While Mary J. basks in a blissful existence, Keyshia Cole has become the pretty poster child for a woman scorned. Looking at R&B’s current landscape, nobody articulates love—trusting it, needing it, dodging it, dissing it, falling madly in and out of it—quite like Ms. Cole.
Her discography may not be 100% autobiographical, but the tear-stained pillows, neck rolls, furrowed brows and balled up fists expressed through her sweetly strained runs and climactic notes resonated with women dealing with ain’t-shit significant other drama. Plus her regretful anthems rule.
Nine years and six albums later, Keyshia’s Point Of No Return—her last with Interscope Records—is still schooling us about the L word. We studied it for seven days. Here are seven things we learned about love, how to cope when it fails and the tough Oakland chick behind the music.
See Related Article: Stream Keyshia Cole’s ‘Point of No Return’ Album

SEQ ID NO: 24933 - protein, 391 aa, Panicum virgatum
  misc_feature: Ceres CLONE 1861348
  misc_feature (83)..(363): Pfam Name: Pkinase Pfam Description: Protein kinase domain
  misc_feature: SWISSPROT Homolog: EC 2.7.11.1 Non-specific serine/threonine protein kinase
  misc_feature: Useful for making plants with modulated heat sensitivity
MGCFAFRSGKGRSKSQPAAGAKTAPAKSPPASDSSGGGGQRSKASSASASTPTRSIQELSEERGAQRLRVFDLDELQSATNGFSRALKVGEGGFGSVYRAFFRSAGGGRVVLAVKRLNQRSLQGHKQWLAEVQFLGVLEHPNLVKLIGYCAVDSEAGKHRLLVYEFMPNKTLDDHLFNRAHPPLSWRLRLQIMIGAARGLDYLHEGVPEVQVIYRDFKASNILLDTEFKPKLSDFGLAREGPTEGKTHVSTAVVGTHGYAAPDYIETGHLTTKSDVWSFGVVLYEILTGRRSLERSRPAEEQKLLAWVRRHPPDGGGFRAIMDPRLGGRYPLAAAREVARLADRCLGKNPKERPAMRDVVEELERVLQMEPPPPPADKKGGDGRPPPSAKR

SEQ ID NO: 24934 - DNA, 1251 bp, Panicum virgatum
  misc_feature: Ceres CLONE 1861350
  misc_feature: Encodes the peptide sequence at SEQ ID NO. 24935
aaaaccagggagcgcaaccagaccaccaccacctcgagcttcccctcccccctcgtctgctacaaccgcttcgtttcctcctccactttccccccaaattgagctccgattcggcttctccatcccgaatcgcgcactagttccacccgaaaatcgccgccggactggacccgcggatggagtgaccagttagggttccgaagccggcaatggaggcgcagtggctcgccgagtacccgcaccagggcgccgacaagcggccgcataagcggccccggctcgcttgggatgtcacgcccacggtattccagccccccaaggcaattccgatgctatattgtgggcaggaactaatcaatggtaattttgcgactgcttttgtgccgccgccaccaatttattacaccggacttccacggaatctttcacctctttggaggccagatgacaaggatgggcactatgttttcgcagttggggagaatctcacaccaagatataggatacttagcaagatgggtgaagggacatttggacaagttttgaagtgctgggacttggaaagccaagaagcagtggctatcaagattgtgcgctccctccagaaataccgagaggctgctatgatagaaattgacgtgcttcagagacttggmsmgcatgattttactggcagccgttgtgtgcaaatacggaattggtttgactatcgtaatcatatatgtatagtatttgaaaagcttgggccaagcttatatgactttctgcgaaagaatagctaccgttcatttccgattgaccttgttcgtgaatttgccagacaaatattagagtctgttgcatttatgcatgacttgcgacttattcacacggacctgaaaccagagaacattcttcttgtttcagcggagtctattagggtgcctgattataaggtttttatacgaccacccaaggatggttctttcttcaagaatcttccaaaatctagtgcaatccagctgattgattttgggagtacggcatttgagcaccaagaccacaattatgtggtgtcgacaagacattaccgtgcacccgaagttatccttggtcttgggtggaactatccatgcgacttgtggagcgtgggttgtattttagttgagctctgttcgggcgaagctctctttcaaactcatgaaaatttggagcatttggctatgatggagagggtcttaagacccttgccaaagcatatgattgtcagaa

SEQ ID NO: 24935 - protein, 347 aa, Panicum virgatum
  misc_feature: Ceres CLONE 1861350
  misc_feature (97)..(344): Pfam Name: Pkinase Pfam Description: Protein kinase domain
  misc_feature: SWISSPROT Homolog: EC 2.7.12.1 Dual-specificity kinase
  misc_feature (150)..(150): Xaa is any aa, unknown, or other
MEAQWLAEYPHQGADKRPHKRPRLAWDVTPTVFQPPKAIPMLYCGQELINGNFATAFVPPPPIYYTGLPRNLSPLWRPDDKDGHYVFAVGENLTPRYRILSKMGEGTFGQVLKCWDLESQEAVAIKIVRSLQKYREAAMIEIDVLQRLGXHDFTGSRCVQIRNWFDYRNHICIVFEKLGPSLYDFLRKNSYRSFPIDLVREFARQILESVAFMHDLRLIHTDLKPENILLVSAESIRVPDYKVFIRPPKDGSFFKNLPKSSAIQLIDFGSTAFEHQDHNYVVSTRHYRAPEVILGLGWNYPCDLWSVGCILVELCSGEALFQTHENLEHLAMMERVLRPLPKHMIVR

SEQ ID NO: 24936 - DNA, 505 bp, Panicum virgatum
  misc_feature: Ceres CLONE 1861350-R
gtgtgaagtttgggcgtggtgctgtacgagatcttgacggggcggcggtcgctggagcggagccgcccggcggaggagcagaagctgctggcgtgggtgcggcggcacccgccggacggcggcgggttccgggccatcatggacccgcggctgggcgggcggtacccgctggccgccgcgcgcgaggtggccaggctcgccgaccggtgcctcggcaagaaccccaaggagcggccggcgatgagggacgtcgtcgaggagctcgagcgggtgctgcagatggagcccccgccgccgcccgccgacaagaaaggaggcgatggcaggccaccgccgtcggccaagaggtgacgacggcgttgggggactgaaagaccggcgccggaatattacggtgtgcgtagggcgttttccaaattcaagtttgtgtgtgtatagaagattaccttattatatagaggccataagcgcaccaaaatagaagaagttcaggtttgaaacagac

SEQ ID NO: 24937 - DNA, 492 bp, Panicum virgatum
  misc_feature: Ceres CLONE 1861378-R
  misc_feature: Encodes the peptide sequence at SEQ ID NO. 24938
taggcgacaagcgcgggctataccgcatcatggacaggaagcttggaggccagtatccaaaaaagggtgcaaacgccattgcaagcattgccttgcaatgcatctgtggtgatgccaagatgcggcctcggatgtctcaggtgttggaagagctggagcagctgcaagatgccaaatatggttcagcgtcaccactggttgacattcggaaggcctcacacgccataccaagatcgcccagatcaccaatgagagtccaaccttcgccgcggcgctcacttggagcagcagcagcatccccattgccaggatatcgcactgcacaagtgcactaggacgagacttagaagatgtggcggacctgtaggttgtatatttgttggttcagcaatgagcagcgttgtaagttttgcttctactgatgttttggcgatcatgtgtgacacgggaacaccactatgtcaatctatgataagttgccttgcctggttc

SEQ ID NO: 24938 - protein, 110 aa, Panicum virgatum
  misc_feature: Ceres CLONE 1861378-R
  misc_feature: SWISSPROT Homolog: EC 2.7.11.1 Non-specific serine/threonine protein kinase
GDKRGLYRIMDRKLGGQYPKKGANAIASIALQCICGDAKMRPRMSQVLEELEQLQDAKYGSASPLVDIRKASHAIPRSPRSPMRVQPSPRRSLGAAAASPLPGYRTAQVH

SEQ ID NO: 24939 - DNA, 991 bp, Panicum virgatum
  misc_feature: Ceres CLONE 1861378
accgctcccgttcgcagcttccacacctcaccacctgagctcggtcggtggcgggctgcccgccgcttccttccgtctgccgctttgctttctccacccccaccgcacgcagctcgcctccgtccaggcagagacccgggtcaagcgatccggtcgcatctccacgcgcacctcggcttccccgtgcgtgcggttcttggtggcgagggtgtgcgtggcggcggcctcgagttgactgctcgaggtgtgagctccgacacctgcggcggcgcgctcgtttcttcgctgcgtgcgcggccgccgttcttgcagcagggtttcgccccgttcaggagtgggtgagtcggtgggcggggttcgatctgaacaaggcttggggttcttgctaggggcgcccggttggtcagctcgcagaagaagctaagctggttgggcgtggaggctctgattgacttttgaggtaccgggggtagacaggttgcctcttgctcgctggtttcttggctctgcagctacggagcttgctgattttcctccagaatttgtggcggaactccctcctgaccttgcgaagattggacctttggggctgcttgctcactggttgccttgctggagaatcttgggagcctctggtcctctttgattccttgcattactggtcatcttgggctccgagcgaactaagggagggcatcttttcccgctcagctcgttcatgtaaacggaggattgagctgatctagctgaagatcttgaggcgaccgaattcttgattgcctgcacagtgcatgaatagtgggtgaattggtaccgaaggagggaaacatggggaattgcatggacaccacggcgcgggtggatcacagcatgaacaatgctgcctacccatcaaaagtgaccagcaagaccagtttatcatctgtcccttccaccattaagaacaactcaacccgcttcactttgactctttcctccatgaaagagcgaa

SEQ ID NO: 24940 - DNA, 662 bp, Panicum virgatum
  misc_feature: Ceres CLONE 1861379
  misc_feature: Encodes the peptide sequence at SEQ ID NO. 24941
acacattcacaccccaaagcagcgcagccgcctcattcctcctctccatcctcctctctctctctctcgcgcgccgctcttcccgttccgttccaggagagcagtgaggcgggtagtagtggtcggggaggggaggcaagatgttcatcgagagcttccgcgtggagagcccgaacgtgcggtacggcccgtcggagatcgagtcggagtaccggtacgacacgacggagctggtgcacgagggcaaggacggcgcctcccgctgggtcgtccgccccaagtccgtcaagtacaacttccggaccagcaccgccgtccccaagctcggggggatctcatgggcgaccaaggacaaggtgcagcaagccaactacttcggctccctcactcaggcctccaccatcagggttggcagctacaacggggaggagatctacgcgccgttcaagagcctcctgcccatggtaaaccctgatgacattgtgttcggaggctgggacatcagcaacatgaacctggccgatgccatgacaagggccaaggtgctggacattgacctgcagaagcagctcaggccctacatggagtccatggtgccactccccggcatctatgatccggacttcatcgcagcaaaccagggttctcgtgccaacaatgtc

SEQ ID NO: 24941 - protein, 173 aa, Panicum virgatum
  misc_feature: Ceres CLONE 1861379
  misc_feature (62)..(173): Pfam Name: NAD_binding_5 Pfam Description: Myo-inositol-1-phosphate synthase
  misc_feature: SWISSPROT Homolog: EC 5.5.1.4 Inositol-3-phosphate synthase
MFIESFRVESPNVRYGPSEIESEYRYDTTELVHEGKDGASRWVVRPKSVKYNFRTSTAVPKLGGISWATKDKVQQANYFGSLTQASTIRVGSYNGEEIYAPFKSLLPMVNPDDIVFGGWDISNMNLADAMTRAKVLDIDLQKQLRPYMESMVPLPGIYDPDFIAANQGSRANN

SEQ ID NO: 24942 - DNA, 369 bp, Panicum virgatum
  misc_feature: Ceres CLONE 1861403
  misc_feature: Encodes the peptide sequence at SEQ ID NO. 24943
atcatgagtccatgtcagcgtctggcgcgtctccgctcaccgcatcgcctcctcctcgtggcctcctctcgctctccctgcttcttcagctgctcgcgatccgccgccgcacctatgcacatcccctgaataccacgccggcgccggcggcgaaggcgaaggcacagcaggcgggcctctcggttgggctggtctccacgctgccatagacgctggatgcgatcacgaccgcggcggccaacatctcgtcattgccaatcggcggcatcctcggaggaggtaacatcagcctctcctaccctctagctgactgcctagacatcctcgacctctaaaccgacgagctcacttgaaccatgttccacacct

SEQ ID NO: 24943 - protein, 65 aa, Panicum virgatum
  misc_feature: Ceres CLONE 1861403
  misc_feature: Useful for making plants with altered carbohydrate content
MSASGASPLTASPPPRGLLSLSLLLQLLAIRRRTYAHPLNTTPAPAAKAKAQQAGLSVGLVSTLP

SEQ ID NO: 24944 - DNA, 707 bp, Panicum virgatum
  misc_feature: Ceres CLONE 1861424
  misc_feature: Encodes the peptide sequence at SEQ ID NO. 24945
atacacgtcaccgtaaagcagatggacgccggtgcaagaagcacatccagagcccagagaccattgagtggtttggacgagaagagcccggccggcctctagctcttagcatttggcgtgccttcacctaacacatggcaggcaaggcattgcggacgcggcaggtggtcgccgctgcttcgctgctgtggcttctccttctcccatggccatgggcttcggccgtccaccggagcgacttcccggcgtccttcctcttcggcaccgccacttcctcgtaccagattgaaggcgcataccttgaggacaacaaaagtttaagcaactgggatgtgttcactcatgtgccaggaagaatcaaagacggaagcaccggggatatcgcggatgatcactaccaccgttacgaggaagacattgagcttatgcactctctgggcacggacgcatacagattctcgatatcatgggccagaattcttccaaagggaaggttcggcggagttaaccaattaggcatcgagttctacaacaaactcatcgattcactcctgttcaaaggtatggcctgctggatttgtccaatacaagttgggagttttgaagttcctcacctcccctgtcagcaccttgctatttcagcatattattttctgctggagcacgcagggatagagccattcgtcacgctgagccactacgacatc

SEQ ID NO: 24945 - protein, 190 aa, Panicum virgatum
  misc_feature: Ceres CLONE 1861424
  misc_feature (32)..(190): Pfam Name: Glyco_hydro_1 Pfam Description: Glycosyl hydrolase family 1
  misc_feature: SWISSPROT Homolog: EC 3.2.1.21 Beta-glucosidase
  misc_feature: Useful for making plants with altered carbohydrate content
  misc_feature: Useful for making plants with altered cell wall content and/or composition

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Magnifying glasses permanently hover over celebrities’ romantic lives, so the story of Keyshia’s fallout with her husband of three years, Daniel “Boobie” Gibson, should be familiar. Her feelings toward the failed relationship are well documented. Between broken promises, disappointment, betrayal and forgiving one too many step-out sessions, a girl can only tolerate the turbulence for so long. So it shows when she’s singing about it. You can hear her fatigue right away on the album’s opener. “Don’t wanna be heartbroken no more/Trying to kill me with all this nonsense, but I ain’t having it no more,” she sings flatly on “Intro (Last Tango).”
For Keyshia, it’s all in the cover-up.
Every girl has her own therapeutic methods for getting over her feelings. Keyshia scatters a bit of her own heartbreak remedies throughout the project. Reassigning blame (“N.L.U.”), a knack for seduction (“Believer”), building up walls (“Next Time”) and throwing a fuck you fit (“Rick James”) were quick samples of her expansive stash of coping mechanisms.
No, she doesn’t swing that way.
It looks like Keyshia delved into a little bi-curiosity in her video for “She,” where she gyrates for her masculine alter ego in a sequined bustier. However if you listen to the lyrics, her message skews more towards self-satisfaction. She sat down with Power 105.1’s The Breakfast Club to clear everything up, assuring Charlamagne Tha God that she’s A, not a lesbian and B, singing about her interpretation of self-love.
Read the rest on VIBE.